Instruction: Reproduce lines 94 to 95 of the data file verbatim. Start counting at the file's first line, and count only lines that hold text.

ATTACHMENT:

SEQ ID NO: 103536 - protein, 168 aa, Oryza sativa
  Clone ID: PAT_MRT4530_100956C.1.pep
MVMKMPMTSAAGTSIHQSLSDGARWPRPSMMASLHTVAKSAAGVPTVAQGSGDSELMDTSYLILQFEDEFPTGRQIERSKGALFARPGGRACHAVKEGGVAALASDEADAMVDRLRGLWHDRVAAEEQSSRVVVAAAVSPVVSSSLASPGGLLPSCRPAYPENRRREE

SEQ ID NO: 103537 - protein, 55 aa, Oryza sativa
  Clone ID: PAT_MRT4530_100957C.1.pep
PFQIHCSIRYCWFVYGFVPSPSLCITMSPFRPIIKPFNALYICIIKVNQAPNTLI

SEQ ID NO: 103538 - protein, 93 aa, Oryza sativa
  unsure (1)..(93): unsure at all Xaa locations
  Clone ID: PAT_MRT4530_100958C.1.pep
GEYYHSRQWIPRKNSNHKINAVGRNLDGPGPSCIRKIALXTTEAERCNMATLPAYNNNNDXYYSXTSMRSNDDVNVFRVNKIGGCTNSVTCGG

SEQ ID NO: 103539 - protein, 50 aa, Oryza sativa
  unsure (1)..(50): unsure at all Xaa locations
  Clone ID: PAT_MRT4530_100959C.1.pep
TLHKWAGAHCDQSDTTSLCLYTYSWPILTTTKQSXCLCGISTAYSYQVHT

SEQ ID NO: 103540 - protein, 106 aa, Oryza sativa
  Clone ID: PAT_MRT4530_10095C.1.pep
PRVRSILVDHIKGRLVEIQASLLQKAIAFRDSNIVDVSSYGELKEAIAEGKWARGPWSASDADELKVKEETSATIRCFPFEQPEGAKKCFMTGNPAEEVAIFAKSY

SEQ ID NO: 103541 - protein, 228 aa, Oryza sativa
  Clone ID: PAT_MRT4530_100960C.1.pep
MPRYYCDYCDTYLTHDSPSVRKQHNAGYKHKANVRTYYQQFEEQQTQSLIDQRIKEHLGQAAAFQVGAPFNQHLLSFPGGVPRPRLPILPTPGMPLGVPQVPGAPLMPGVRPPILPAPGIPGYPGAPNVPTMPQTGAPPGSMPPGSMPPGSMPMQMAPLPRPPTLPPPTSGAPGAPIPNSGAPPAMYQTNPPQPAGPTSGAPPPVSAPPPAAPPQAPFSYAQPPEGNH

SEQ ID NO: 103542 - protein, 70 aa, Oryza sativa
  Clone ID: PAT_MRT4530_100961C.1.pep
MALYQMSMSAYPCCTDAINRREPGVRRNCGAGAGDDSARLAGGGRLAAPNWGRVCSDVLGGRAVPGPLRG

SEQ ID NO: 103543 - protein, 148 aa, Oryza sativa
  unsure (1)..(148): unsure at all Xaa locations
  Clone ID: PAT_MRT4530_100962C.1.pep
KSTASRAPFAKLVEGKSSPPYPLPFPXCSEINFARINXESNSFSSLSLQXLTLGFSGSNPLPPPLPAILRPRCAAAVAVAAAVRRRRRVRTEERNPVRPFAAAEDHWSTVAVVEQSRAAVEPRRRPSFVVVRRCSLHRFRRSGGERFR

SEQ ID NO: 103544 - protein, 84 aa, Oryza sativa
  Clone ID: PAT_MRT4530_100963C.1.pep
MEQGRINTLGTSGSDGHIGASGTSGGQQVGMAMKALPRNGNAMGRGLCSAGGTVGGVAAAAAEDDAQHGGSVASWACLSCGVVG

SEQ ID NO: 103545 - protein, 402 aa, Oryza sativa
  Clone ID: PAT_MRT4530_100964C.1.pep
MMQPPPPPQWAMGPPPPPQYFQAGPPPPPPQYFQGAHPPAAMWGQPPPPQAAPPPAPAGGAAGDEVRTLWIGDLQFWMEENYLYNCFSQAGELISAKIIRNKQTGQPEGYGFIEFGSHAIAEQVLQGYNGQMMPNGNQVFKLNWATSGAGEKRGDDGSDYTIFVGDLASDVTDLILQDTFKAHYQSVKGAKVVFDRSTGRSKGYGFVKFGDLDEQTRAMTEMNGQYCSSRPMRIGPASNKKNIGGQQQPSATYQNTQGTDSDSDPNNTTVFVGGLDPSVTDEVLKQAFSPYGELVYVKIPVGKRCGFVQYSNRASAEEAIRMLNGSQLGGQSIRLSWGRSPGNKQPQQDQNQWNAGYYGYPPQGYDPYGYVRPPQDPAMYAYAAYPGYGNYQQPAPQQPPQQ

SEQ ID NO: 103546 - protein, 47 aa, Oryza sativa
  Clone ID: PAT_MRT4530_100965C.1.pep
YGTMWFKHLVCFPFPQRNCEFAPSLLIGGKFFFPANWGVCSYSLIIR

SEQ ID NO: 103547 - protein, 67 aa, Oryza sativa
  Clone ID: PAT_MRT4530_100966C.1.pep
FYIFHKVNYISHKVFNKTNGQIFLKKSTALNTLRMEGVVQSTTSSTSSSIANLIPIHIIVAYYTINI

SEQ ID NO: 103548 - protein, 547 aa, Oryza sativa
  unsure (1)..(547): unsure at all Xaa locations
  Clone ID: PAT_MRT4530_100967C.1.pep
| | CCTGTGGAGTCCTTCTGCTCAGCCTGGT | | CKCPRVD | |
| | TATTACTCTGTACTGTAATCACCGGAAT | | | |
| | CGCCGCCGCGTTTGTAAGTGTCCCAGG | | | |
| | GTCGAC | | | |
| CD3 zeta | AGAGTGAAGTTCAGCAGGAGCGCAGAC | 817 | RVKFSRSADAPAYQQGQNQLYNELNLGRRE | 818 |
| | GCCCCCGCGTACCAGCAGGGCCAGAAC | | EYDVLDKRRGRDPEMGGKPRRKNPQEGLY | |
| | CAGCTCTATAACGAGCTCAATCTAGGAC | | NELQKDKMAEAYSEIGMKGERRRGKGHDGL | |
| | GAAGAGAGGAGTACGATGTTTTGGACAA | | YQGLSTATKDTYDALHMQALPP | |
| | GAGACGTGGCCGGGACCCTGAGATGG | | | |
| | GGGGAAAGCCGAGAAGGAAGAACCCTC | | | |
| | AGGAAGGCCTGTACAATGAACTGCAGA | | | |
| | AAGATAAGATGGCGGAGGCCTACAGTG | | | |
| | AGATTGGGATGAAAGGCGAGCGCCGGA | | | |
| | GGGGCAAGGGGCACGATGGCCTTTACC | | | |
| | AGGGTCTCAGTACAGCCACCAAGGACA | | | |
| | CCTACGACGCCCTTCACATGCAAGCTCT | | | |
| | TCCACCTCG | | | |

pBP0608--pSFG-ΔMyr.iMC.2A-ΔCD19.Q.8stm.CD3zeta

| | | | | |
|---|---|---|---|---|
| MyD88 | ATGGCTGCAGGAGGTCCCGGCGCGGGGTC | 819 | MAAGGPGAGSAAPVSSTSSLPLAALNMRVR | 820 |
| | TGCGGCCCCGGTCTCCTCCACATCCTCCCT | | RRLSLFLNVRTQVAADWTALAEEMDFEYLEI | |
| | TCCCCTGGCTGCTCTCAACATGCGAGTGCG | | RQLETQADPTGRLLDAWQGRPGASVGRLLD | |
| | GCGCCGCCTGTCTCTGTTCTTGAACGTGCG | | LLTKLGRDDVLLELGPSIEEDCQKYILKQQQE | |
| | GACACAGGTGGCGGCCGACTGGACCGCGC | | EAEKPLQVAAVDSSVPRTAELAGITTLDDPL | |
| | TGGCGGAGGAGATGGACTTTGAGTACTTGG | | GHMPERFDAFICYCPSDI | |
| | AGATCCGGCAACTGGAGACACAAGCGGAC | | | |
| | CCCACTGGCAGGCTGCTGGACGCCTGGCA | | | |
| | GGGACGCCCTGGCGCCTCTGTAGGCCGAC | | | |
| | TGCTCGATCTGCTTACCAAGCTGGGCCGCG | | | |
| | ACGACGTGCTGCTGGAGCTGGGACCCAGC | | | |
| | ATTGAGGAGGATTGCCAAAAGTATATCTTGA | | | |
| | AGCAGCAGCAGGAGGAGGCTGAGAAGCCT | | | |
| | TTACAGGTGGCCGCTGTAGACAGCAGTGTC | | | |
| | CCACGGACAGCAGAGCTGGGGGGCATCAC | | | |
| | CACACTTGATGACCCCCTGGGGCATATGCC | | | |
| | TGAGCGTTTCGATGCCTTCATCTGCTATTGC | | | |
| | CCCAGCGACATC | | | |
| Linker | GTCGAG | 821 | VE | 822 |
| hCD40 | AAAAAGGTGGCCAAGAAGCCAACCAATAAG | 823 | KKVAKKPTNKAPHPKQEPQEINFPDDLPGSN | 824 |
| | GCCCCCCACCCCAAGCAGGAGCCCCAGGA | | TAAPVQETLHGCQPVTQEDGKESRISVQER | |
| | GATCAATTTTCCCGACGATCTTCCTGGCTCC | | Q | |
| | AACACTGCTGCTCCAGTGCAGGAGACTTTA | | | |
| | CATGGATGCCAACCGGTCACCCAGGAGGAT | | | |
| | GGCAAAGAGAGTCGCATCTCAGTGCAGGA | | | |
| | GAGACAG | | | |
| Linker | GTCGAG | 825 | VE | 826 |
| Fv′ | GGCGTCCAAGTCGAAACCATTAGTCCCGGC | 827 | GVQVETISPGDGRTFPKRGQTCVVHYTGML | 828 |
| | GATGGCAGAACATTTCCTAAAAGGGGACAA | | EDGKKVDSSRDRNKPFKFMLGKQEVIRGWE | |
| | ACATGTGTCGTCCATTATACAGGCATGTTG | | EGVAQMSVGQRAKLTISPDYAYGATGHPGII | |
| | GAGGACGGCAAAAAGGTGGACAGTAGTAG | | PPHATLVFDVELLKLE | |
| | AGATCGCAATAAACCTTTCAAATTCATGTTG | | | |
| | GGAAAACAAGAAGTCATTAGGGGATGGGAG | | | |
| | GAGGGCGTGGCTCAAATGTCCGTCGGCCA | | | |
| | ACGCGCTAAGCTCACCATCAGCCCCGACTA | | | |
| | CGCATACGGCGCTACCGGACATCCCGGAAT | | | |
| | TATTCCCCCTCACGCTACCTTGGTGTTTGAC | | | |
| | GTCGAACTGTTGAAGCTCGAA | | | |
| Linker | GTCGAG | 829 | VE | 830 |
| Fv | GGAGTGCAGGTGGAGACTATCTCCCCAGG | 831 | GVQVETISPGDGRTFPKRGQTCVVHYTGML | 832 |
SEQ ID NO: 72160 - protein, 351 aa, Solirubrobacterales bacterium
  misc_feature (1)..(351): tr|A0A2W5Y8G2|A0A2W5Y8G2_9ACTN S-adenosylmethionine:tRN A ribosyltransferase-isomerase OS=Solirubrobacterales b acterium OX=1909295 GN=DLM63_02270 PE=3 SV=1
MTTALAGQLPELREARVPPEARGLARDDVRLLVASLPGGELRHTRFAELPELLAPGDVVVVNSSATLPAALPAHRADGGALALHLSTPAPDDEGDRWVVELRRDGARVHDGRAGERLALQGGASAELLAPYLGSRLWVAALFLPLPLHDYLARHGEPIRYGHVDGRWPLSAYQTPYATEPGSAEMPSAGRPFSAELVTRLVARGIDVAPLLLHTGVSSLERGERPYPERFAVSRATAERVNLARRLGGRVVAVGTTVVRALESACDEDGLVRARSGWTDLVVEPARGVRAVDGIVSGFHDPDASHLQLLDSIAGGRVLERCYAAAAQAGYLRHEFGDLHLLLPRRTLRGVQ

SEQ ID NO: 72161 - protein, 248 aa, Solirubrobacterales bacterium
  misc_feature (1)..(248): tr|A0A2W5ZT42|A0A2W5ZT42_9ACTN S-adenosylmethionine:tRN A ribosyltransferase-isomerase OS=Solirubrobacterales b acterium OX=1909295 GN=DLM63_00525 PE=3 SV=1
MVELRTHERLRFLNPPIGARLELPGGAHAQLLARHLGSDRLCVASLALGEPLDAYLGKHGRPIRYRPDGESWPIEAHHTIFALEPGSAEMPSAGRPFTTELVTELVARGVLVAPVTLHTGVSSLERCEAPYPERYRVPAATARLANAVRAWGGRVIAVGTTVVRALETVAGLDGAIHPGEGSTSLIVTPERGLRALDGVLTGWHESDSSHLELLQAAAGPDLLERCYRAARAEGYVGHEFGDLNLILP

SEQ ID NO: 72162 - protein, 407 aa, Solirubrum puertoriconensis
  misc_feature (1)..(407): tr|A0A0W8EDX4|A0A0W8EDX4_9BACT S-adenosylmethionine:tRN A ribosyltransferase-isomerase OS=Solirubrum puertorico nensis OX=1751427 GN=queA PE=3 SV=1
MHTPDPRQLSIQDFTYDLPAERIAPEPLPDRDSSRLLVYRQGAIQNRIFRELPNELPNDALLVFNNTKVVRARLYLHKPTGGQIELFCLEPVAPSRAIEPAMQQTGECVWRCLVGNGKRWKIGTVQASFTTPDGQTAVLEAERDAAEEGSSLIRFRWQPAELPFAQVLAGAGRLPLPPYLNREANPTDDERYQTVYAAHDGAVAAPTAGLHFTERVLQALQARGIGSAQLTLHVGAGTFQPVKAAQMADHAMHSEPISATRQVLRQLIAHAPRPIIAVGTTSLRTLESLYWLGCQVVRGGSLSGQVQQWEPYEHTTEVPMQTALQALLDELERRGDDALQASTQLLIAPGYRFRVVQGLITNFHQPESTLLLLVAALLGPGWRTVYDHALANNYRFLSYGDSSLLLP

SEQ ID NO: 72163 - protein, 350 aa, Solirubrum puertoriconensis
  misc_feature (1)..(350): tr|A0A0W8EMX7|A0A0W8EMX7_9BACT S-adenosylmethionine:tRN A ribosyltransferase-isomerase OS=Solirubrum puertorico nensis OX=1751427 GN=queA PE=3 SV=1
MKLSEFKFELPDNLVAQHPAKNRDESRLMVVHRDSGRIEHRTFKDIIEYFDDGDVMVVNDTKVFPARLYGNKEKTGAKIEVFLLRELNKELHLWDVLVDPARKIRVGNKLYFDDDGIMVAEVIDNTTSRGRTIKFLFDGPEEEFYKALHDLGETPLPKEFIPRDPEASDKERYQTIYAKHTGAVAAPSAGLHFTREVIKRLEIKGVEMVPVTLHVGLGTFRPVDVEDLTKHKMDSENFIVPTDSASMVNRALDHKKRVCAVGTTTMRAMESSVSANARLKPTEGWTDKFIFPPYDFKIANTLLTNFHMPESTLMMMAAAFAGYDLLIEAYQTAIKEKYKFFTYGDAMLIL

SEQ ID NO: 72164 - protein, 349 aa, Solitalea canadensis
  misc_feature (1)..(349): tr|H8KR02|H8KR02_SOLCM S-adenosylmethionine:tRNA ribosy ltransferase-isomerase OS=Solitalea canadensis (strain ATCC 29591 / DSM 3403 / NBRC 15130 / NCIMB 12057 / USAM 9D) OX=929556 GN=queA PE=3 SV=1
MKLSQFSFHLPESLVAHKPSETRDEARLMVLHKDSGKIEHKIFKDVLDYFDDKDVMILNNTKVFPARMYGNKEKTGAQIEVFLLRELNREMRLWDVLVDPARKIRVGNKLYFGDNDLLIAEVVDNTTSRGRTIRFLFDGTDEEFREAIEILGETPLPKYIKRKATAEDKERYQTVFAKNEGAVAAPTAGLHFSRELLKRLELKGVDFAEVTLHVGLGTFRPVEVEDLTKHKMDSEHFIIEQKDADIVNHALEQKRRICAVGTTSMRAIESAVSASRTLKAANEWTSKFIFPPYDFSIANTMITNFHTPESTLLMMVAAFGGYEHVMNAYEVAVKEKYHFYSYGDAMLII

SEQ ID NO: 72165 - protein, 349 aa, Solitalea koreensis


| | AGATCGCAATAAACCTTTCAAATTCATGTTG | | | |
| | GGAAAACAAGAAGTCATTAGGGGATGGGAG | | | |